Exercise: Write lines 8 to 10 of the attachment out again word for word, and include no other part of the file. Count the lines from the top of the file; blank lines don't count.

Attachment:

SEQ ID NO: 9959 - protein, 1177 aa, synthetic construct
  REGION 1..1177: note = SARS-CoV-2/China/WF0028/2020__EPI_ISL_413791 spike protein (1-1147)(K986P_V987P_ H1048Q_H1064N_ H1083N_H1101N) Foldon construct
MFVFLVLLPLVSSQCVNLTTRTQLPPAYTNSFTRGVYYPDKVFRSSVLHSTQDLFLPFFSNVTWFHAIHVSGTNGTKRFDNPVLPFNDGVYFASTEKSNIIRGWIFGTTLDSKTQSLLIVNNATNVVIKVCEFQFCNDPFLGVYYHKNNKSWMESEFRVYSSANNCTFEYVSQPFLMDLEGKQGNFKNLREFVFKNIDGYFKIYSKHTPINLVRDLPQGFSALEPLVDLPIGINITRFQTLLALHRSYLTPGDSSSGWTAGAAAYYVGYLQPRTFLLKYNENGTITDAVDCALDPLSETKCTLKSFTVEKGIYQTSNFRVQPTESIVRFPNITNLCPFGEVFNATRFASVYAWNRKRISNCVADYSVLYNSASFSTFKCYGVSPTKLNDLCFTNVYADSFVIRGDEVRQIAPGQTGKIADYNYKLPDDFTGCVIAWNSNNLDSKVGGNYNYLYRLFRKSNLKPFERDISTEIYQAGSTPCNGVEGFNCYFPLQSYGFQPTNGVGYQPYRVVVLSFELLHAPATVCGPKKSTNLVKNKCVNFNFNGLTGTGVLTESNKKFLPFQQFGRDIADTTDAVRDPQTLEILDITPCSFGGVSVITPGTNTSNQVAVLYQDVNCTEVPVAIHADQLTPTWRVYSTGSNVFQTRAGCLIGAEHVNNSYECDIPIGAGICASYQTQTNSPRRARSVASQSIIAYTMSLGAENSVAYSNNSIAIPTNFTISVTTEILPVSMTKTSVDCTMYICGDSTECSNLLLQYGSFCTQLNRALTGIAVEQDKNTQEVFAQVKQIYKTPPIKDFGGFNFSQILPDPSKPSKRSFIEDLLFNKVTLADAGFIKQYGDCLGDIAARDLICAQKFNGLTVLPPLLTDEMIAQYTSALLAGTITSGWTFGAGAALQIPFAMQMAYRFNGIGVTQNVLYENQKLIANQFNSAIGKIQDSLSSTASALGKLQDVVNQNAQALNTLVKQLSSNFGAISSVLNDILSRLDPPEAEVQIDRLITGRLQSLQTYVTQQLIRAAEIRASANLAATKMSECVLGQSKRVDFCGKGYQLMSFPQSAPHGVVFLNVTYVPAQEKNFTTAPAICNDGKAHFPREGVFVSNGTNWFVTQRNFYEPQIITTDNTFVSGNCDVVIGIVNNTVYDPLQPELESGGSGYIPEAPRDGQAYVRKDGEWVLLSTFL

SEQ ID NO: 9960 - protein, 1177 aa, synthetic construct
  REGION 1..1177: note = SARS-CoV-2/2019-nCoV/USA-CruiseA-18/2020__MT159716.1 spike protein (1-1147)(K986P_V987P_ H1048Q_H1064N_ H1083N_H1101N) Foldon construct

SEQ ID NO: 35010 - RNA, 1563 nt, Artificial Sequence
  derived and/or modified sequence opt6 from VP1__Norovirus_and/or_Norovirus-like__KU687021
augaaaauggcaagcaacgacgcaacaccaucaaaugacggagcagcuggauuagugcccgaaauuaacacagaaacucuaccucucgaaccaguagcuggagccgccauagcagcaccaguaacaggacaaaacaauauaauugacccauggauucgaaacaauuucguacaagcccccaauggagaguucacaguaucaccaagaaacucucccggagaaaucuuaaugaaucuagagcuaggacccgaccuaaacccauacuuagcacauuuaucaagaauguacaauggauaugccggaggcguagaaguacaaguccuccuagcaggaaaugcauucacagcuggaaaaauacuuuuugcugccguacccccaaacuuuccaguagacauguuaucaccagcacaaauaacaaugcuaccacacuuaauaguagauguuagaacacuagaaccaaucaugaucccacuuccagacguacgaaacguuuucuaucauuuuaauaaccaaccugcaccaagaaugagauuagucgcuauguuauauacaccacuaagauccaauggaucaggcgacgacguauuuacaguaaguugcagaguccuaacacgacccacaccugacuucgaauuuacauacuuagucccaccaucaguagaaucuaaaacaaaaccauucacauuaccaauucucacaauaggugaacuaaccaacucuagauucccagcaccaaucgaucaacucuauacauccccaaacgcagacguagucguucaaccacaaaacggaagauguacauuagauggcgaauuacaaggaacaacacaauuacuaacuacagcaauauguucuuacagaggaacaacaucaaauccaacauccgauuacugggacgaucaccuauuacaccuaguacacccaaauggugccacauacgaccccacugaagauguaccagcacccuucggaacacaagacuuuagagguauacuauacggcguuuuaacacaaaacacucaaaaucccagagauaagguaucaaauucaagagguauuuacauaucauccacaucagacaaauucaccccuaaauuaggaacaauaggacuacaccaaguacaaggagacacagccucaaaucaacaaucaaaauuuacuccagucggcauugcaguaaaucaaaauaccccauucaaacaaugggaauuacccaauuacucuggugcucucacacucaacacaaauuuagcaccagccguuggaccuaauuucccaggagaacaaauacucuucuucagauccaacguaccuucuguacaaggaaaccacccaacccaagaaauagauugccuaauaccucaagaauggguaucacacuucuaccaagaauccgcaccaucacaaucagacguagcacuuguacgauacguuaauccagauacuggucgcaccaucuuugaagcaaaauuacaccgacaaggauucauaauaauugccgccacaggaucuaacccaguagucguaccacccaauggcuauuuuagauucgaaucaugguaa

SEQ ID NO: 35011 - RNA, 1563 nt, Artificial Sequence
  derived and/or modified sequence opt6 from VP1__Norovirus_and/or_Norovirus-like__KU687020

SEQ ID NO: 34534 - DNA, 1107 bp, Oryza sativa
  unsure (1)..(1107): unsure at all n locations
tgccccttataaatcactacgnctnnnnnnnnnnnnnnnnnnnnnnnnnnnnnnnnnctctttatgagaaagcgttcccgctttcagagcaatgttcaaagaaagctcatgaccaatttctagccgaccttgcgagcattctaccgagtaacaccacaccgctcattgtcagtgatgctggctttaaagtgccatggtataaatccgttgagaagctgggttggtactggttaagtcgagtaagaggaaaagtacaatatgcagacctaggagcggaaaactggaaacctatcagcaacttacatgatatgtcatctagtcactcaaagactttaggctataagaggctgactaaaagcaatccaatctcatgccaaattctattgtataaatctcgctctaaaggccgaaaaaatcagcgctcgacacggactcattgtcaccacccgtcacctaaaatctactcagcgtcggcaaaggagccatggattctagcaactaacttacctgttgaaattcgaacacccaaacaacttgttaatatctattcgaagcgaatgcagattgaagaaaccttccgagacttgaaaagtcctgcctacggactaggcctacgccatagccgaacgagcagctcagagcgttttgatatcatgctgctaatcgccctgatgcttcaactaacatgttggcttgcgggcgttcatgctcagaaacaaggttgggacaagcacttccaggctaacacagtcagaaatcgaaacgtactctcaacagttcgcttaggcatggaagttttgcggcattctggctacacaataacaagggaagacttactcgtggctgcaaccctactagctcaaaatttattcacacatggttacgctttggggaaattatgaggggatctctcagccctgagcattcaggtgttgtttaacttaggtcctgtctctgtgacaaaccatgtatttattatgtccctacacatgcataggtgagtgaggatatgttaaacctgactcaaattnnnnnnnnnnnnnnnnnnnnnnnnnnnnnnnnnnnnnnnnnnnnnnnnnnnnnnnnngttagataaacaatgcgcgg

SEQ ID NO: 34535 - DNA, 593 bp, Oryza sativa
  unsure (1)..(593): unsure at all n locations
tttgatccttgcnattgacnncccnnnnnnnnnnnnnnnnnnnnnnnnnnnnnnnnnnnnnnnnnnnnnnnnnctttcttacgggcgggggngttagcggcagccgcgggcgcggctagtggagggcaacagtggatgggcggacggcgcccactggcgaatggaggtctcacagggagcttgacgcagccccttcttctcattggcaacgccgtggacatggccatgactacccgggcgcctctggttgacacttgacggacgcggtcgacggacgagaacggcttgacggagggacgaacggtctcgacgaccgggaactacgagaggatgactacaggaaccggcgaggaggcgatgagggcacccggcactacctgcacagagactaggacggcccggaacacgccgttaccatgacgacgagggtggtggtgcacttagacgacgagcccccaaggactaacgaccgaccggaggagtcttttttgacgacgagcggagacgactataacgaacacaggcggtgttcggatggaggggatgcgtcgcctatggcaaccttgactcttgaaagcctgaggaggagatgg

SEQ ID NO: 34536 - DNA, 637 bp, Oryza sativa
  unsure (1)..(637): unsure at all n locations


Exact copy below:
augaaaauggcaagcaacgacgcaacaccaucaaaugacggagcagcuggauuagugcccgaaauuaacacagaaacucuaccucucgaaccaguagcuggagccgccauagcagcaccaguaacaggacaaaacaauauaauugacccauggauucgaaacaauuucguacaagcccccaauggagaguucacaguaucaccaagaaacucucccggagaaaucuuaaugaaucuagagcuaggacccgaccuaaacccauacuuagcacauuuaucaagaauguacaauggauaugccggaggcguagaaguacaaguccuccuagcaggaaaugcauucacagcuggaaaaauacuuuuugcugccguacccccaaacuuuccaguagacauguuaucaccagcacaaauaacaaugcuaccacacuuaauaguagauguuagaacacuagaaccaaucaugaucccacuuccagacguacgaaacguuuucuaucauuuuaauaaccaaccugcaccaagaaugagauuagucgcuauguuauauacaccacuaagauccaauggaucaggcgacgacguauuuacaguaaguugcagaguccuaacacgacccacaccugacuucgaauuuacauacuuagucccaccaucaguagaaucuaaaacaaaaccauucacauuaccaauucucacaauaggugaacuaaccaacucuagauucccagcaccaaucgaucaacucuauacauccccaaacgcagacguagucguucaaccacaaaacggaagauguacauuagauggcgaauuacaaggaacaacacaauuacuaacuacagcaauauguucuuacagaggaacaacaucaaauccaacauccgauuacugggacgaucaccuauuacaccuaguacacccaaauggugccacauacgaccccacugaagauguaccagcacccuucggaacacaagacuuuagagguauacuauacggcguuuuaacacaaaacacucaaaaucccagagauaagguaucaaauucaagagguauuuacauaucauccacaucagacaaauucaccccuaaauuaggaacaauaggacuacaccaaguacaaggagacacagccucaaaucaacaaucaaaauuuacuccagucggcauugcaguaaaucaaaauaccccauucaaacaaugggaauuacccaauuacucuggugcucucacacucaacacaaauuuagcaccagccguuggaccuaauuucccaggagaacaaauacucuucuucagauccaacguaccuucuguacaaggaaaccacccaacccaagaaauagauugccuaauaccucaagaauggguaucacacuucuaccaagaauccgcaccaucacaaucagacguagcacuuguacgauacguuaauccagauacuggucgcaccaucuuugaagcaaaauuacaccgacaaggauucauaauaauugccgccacaggaucuaacccaguagucguaccacccaauggcuauuuuagauucgaaucaugguaa

SEQ ID NO: 35011 - RNA, 1563 nt, Artificial Sequence
  derived and/or modified sequence opt6 from VP1__Norovirus_and/or_Norovirus-like__KU687020